Will Trump Shut Down the Government to Get the Wall Built?

Wednesday, August 23rd, 2017

Believe it or not, we actually try to keep our political discussions here at Zacks.com to a minimum. Who someone votes for is ultimately none of our concern; we are interested in the pursuit of making money in the stock market through Zacks methodologies and keeping our eyes open to the world around us, especially toward that which directly affects the companies we have bought or are interested in buying.

That said, however, sometimes a political figure comes along who makes it impossible to separate politics from economic forecasts. And in this regard, President Trump’s speech last night hit on a couple pieces of his agenda that, if put in play, will affect everyone’s portfolios, regardless of preferred investment method. A campaign-style rally in Phoenix, AZ saw Trump threaten to shut down the government if the wall he wants to build on the Mexican border is not part of Congress’ budget. “If we have to close down our government, we’re building that wall,” said the President, to cheers from his voter base.

Now, to be sure, a giant wall paid for by the government’s infrastructure stipend would be a boon for construction materials companies – like Zacks Rank #1 (Strong Buy)-rated Potlatch PCH and Zacks Rank #2 (Buy)-rated U.S. Concrete USCR as well as construction machinery firms like Caterpillar CAT , which is also a Zacks Rank #1 – but costs for said wall have always been murky ($1.6 billion is what Trump is asking for now, but this is an extremely fungible number), and its effectiveness in keeping out “undesirable” immigrants from Mexico has always been in question. So a blank check for a massive project without a clear understanding of how well it would work – this is something Congress is going to get behind? (Not that it hasn’t for other things in the past, of course.)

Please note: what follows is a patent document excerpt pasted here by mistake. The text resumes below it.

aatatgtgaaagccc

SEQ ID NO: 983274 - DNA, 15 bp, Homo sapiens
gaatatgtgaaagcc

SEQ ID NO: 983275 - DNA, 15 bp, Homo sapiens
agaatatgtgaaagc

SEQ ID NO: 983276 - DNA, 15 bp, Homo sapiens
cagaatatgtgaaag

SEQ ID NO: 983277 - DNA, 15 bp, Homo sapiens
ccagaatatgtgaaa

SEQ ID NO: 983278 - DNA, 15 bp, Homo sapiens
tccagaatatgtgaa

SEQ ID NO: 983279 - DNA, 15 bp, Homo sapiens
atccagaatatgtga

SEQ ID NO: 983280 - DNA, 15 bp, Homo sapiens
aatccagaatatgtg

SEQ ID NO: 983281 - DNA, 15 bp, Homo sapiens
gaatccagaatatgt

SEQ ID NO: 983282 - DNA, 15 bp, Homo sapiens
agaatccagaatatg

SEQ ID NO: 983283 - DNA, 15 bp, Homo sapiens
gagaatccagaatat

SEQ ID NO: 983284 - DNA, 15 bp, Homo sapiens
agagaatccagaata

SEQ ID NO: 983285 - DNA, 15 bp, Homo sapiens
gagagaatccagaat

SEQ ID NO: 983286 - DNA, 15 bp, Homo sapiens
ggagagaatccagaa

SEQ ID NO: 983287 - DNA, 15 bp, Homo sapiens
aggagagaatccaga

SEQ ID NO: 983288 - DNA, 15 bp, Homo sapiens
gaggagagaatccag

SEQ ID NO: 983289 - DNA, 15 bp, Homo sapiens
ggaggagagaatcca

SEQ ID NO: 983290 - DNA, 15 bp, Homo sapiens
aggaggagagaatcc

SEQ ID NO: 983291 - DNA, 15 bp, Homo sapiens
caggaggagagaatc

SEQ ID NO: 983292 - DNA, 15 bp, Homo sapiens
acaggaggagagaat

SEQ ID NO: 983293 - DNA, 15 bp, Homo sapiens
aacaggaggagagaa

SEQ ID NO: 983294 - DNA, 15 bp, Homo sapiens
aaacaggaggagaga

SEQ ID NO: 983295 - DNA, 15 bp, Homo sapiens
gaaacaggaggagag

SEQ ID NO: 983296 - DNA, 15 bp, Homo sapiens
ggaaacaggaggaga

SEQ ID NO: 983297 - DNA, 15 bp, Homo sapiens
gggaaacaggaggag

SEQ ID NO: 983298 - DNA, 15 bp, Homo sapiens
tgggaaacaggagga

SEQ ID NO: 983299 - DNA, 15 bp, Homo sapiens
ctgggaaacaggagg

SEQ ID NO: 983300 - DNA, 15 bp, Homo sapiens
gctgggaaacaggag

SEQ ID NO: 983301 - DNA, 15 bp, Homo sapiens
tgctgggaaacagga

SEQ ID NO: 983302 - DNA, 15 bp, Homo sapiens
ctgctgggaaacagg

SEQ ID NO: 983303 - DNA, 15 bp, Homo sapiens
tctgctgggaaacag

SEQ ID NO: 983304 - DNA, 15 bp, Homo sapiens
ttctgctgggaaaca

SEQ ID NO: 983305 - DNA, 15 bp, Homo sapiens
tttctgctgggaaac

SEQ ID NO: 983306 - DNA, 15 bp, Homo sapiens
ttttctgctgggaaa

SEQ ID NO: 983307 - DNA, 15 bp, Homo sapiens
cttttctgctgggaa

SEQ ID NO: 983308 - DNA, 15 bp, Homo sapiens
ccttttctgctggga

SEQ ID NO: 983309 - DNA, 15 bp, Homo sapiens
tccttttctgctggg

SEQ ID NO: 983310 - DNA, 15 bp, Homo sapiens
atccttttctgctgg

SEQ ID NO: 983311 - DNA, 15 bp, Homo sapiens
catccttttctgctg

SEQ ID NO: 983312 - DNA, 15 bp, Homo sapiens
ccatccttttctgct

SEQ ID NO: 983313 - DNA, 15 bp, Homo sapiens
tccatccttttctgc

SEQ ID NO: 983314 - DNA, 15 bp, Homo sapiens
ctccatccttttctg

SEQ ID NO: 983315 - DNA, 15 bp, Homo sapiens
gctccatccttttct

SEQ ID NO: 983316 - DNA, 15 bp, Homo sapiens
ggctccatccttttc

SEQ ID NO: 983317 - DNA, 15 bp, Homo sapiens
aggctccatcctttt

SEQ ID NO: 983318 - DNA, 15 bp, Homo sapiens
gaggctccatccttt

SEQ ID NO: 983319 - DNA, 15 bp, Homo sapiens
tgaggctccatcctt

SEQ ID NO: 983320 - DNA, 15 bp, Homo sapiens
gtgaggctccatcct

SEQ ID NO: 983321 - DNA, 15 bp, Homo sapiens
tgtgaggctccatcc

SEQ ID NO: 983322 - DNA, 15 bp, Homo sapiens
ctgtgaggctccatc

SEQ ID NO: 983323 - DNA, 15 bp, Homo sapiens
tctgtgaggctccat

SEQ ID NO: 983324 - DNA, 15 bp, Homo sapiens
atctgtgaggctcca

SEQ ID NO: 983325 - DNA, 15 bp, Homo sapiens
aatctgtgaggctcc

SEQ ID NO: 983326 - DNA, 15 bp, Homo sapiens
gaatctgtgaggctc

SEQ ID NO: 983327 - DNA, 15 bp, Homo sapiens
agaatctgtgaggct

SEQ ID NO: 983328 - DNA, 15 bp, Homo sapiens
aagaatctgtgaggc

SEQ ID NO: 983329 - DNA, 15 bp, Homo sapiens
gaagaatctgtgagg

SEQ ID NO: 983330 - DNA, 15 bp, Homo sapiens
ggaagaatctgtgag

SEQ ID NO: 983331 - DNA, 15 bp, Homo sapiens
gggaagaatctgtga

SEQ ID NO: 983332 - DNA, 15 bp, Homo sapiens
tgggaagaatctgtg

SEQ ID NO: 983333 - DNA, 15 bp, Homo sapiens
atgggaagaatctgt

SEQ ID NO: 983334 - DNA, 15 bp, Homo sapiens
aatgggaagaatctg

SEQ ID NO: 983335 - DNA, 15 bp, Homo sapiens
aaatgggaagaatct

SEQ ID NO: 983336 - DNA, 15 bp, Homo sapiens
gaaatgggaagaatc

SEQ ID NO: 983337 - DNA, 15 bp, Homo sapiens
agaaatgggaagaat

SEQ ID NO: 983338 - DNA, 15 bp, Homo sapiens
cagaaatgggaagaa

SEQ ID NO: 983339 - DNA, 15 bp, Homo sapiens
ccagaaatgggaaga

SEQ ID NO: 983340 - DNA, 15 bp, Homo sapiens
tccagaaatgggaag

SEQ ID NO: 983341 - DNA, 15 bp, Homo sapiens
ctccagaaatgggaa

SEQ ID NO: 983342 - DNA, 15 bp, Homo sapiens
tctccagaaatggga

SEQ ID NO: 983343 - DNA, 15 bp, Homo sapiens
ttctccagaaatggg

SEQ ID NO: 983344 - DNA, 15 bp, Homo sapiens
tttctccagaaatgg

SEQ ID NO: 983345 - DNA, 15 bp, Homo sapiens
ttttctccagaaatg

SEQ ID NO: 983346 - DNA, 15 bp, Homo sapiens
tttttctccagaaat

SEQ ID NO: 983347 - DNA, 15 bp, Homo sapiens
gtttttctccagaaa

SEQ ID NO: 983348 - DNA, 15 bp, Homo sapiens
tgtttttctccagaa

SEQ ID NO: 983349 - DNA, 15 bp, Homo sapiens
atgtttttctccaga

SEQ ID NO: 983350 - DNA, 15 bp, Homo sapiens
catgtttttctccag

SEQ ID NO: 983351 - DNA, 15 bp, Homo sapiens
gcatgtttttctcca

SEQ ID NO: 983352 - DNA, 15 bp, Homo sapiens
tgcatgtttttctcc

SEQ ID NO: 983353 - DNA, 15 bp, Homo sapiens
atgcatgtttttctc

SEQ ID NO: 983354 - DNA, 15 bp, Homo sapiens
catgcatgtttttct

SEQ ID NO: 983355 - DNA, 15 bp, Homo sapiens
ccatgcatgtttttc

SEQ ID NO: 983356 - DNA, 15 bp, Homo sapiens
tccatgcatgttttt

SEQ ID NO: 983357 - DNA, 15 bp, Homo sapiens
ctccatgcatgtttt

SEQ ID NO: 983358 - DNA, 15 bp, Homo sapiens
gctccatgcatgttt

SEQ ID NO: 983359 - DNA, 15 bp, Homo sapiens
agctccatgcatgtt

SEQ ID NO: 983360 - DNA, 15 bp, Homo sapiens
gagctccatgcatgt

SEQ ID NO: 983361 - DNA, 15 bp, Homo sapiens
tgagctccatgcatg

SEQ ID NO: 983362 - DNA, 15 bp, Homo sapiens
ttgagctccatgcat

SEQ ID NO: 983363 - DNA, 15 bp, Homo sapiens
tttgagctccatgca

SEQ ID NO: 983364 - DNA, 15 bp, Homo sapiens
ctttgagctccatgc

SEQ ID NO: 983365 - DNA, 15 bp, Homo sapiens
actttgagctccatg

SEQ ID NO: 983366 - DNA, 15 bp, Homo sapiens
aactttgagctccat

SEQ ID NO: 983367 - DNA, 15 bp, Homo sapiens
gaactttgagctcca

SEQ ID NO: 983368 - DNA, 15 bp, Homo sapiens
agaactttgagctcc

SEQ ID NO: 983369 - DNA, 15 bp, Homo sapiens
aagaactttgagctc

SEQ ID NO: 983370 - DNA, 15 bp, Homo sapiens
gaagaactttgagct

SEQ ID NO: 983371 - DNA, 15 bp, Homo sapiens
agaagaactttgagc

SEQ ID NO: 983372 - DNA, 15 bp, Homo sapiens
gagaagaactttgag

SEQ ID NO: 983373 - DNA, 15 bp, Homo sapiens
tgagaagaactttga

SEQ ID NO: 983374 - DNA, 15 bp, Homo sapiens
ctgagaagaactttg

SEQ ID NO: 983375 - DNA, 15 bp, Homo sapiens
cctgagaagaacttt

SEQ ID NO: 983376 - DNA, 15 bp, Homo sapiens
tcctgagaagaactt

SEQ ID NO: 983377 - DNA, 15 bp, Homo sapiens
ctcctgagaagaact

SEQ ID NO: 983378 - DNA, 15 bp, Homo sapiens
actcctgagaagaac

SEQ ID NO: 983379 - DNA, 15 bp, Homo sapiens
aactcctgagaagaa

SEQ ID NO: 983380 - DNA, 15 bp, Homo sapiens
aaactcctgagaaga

Also, Trump said last night he will “probably” terminate NAFTA at some point, the major trade deal passed during the Clinton administration that dictates trade policies for the U.S., Canada and Mexico. This is consistent with Trump’s other stances regarding free-trade agreements that he doesn’t like, such as the Trans-Pacific Partnership (TPP) and trade pacts with China. For all NAFTA’s faults, simply tearing up the agreement would create big questions for the U.S. stock market, and we know how markets react when faced with big questions.

And actually, had the President’s track record on big changes to U.S. policy – from healthcare reform to Middle Eastern immigration – been at all successful to this point in his short tenure in the White House, these promises he made last night might actually rally markets. After all, there are plenty of improvements that could be made to any of these objectives, done correctly. But faith in Trump’s ability to deliver the goods has eroded greatly in just the past 8 months.

Futures are down slightly in today’s pre-market, but we do not detect any hysteria regarding anything Trump said at last night’s rally. We’re also following the best trading day in the month of August yesterday, which put the month back in the green (temporarily). Volume is down seasonally, and earnings season is in its final throes. Likely market participants are filing this speech away into their memory banks for future reference, but as of now, no one is treating Trump’s promises/threats very seriously.

Mark Vickery
Senior Editor

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